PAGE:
The dark side of the moon
October 13th, 2009 | Uncategorized
Yesterday was probably one of our busiest days in the cellar – plenty of wine making action, not to mention a visit from our Australian importer, and an Australian journalist – travelling seperately, but both, totally by co-incidence, arriving with us on the same day….. Oh, and by the way, it was a public holiday in Spain just for good measure!
The only option, in order to accomodate everything, was a very early start, and doing as much as we could before they both arrived around lunch time. We had already made clear, very early on, that going out for lunch was not an option, and that they should either eat before, or bring a sandwich! I have to say that we are usually much more friendly and hospitable than this, but unfortunately at this time of year it is the rapidly emerging wine that dictates our timetable – time and good wine waits for no man.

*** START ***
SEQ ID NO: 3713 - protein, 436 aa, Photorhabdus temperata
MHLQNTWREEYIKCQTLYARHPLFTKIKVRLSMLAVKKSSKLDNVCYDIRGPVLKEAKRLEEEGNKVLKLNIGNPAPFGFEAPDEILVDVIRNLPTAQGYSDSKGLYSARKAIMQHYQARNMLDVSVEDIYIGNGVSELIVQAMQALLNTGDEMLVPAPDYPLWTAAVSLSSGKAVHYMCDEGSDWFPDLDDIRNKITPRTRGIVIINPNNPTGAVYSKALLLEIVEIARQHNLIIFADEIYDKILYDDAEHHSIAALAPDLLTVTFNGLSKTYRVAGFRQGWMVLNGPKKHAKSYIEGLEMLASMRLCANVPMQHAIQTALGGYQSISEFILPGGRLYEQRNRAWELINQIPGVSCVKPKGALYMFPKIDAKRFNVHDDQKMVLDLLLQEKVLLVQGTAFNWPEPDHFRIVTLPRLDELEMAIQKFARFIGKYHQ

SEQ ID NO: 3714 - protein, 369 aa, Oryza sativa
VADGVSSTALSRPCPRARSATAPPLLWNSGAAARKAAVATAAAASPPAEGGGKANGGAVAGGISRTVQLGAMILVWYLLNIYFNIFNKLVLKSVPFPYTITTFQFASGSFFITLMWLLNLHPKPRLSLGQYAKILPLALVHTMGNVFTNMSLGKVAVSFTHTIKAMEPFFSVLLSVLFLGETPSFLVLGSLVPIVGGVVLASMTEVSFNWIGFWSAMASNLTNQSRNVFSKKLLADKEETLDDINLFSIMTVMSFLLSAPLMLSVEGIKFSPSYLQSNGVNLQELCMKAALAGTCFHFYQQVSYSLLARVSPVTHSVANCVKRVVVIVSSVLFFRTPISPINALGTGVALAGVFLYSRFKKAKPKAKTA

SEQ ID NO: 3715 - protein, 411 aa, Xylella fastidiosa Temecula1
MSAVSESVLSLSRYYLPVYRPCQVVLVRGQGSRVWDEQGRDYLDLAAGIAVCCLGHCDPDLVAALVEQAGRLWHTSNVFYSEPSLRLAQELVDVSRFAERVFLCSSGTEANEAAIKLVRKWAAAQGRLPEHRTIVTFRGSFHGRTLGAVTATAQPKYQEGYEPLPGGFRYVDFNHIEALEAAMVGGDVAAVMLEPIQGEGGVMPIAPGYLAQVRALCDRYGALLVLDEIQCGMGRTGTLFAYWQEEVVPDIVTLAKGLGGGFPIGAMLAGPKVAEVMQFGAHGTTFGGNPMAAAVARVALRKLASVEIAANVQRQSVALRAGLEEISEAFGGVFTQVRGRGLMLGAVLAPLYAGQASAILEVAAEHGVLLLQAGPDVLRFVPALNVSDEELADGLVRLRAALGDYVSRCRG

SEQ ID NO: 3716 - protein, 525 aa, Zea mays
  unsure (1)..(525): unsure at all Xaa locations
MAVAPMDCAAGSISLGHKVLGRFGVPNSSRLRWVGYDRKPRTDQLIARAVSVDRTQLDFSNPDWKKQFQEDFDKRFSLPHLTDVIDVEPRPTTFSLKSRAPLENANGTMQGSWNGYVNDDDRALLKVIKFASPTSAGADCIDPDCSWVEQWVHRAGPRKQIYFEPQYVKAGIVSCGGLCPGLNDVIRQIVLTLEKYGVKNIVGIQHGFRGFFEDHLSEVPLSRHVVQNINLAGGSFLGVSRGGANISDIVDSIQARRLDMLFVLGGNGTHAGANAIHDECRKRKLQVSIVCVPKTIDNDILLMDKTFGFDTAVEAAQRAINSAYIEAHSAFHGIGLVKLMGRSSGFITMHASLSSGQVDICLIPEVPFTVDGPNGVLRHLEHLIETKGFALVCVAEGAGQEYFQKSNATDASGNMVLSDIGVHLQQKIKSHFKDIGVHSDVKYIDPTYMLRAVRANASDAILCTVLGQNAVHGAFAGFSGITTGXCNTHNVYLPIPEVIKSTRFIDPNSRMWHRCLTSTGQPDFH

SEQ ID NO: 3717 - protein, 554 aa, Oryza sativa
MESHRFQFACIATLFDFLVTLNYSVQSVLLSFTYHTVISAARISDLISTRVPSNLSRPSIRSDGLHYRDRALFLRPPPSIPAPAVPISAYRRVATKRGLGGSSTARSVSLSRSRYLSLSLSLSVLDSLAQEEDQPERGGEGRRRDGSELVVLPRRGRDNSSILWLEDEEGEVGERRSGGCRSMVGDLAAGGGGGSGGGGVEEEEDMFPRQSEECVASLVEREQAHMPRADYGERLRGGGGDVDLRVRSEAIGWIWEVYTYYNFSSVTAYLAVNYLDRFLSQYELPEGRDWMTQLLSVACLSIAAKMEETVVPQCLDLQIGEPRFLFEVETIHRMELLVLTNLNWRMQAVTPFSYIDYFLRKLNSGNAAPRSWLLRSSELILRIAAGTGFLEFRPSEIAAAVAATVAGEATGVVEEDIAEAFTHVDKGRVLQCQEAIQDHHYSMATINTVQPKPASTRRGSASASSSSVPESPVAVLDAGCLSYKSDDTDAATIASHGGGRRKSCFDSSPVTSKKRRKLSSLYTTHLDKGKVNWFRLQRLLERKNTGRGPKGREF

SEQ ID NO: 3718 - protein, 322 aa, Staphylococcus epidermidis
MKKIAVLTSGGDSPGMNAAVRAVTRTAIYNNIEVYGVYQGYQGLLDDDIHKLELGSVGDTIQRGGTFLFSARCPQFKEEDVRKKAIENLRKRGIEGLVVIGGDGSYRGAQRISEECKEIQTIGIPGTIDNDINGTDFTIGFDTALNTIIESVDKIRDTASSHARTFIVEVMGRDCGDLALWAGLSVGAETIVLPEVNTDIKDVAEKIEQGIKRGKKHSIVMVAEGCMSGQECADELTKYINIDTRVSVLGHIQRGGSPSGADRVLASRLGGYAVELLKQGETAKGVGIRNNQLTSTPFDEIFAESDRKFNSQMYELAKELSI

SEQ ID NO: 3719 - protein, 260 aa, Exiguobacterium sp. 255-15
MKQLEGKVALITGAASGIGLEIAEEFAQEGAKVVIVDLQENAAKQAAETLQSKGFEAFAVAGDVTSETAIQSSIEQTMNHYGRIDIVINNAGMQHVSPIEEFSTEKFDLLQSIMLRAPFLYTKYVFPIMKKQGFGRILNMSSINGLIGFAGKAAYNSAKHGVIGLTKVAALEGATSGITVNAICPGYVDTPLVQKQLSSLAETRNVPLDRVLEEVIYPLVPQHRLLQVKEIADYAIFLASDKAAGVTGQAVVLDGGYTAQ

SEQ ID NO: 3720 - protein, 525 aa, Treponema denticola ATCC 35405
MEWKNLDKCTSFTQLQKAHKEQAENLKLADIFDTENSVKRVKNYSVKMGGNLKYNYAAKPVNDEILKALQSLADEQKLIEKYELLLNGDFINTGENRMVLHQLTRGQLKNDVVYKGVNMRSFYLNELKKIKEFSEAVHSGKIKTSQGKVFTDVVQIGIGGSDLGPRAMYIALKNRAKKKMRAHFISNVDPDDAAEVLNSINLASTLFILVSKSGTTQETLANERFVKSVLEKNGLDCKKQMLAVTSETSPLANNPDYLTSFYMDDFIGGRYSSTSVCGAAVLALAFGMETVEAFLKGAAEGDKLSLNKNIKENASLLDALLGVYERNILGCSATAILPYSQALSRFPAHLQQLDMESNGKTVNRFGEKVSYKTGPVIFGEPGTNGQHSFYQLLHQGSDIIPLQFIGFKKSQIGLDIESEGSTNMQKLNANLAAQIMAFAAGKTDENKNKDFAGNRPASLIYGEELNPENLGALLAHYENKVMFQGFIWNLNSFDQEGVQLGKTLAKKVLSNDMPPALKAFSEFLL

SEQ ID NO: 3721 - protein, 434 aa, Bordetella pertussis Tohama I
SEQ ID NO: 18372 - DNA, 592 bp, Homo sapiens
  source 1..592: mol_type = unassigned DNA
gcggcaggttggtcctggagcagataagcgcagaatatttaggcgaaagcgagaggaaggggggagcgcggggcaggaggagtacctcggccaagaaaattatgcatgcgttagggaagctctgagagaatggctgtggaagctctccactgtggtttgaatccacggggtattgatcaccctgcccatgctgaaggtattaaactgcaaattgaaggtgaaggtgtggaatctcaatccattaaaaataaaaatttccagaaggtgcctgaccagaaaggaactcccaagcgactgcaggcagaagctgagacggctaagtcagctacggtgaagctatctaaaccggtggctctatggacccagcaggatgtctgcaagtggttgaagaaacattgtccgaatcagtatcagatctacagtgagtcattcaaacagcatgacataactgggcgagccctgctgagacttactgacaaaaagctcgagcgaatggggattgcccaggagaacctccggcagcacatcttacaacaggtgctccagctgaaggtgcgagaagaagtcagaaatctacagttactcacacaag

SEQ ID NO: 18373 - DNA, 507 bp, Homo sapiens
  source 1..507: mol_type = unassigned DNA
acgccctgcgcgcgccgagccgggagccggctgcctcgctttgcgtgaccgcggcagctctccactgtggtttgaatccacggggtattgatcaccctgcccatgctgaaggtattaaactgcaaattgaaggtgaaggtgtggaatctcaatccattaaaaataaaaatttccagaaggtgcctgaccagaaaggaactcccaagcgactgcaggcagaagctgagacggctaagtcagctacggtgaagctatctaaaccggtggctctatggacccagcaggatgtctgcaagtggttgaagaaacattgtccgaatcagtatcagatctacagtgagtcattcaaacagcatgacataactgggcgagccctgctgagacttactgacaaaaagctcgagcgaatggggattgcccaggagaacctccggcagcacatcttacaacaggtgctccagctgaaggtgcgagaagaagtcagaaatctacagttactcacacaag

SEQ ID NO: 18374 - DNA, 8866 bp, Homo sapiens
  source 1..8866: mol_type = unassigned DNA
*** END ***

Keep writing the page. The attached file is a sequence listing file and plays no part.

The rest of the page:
One of our current jobs in the cellar is adding a fining agent to the fermentation in the shape of Wyoming bentonite. Bentonite is a special type of clay that was first named in Wyoming in the 19th century, and is distinct from other clays in that it is formed from volcanic ash. Without trying to get too technical, it is a negatively charged substance which when hydrated and added to wine, will attract the positively charged particulate in the wine. As bentonite hydrates and swells it becomes like a sponge, and after mixing it thoroughly into the wine, the positively charged matter in the wine attaches to the bentonite. The weight of the molecules then cause the matter to drop to the bottom of the tank and become what is known as ‘finings’.
There you are, clear as mud, if you’ll pardon the pun.
Anyway, my picture today is not from a moon landing as the title would imply, but is merely the surface of the bentonite solution after it had been hydrated. Pretty…..